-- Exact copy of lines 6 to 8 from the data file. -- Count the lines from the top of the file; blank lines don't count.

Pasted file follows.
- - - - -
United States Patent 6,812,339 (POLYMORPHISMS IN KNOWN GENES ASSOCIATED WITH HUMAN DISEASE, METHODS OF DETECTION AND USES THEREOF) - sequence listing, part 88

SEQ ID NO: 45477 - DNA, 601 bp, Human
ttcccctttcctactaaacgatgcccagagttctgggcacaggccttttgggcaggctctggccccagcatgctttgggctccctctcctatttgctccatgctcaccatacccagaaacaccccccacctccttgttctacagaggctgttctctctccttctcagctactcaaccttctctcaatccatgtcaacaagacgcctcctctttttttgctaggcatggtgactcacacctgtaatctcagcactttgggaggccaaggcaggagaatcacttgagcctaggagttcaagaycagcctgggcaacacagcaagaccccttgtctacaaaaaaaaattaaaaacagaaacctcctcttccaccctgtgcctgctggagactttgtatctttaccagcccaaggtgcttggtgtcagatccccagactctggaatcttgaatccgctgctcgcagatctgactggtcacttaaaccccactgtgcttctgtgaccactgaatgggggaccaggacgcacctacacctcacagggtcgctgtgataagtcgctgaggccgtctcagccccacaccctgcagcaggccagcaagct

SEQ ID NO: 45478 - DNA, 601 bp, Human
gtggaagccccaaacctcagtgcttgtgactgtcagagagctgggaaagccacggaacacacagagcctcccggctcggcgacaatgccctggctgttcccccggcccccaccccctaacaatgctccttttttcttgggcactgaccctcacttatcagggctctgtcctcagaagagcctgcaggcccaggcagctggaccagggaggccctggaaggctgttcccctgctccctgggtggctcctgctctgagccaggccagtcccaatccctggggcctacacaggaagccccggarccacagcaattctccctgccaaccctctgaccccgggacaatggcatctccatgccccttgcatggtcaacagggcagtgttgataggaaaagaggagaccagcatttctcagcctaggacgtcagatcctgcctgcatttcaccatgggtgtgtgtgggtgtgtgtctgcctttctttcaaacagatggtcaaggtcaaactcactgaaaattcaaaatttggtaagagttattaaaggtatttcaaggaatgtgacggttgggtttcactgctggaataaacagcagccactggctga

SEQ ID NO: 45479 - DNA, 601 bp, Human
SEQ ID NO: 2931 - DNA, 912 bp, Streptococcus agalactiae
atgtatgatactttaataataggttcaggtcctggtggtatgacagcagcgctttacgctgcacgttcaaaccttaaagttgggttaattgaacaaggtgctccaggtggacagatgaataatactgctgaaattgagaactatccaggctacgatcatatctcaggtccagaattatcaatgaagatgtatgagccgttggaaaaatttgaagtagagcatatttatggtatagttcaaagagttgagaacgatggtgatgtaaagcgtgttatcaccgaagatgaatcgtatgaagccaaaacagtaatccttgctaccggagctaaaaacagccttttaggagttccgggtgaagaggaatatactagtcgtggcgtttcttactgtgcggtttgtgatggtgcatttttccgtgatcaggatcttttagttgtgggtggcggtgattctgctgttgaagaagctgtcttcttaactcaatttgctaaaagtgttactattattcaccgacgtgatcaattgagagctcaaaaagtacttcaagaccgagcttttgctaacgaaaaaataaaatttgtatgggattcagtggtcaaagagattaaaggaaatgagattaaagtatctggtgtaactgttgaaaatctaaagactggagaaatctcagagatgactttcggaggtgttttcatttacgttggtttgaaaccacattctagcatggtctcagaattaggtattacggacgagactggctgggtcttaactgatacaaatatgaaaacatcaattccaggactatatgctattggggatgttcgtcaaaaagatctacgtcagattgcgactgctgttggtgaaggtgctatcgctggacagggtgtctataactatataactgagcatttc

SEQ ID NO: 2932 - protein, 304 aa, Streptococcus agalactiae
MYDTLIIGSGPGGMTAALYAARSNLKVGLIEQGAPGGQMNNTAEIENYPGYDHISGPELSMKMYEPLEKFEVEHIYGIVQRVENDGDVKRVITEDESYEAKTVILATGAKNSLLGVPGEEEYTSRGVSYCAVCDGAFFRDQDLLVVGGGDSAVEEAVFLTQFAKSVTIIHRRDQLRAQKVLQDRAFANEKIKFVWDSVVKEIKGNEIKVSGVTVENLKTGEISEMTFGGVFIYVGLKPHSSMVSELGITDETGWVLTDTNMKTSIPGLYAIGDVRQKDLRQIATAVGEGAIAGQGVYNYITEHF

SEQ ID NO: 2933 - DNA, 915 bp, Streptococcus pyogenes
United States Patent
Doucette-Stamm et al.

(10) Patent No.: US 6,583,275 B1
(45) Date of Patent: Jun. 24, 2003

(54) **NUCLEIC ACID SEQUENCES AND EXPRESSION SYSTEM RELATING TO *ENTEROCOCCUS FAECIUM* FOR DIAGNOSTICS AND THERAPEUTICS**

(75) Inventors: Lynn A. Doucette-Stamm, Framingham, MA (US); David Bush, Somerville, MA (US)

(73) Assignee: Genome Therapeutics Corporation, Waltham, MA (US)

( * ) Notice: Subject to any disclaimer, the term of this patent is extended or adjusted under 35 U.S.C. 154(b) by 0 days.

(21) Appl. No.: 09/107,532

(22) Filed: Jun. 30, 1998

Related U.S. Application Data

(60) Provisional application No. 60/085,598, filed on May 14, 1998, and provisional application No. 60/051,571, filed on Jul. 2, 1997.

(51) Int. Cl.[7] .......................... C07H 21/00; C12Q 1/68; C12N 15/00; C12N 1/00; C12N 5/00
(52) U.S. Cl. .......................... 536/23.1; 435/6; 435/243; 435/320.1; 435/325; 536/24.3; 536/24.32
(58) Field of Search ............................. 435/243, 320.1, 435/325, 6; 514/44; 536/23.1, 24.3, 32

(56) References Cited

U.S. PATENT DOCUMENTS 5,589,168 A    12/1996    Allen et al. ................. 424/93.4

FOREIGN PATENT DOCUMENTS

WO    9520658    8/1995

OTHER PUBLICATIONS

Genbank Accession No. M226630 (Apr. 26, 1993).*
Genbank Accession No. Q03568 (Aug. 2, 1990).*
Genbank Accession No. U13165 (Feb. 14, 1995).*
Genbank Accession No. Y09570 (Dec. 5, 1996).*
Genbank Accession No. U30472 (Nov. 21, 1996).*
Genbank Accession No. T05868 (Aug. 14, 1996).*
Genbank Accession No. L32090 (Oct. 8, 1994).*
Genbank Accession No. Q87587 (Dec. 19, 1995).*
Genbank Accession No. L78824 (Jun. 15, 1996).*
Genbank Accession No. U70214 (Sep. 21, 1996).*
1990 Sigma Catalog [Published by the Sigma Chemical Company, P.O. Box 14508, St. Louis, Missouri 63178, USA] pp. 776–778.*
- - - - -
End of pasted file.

SEQ ID NO: 45479 - DNA, 601 bp, Human
SEQ ID NO: 2931 - DNA, 912 bp, Streptococcus agalactiae
atgtatgatactttaataataggttcaggtcctggtggtatgacagcagcgctttacgctgcacgttcaaaccttaaagttgggttaattgaacaaggtgctccaggtggacagatgaataatactgctgaaattgagaactatccaggctacgatcatatctcaggtccagaattatcaatgaagatgtatgagccgttggaaaaatttgaagtagagcatatttatggtatagttcaaagagttgagaacgatggtgatgtaaagcgtgttatcaccgaagatgaatcgtatgaagccaaaacagtaatccttgctaccggagctaaaaacagccttttaggagttccgggtgaagaggaatatactagtcgtggcgtttcttactgtgcggtttgtgatggtgcatttttccgtgatcaggatcttttagttgtgggtggcggtgattctgctgttgaagaagctgtcttcttaactcaatttgctaaaagtgttactattattcaccgacgtgatcaattgagagctcaaaaagtacttcaagaccgagcttttgctaacgaaaaaataaaatttgtatgggattcagtggtcaaagagattaaaggaaatgagattaaagtatctggtgtaactgttgaaaatctaaagactggagaaatctcagagatgactttcggaggtgttttcatttacgttggtttgaaaccacattctagcatggtctcagaattaggtattacggacgagactggctgggtcttaactgatacaaatatgaaaacatcaattccaggactatatgctattggggatgttcgtcaaaaagatctacgtcagattgcgactgctgttggtgaaggtgctatcgctggacagggtgtctataactatataactgagcatttc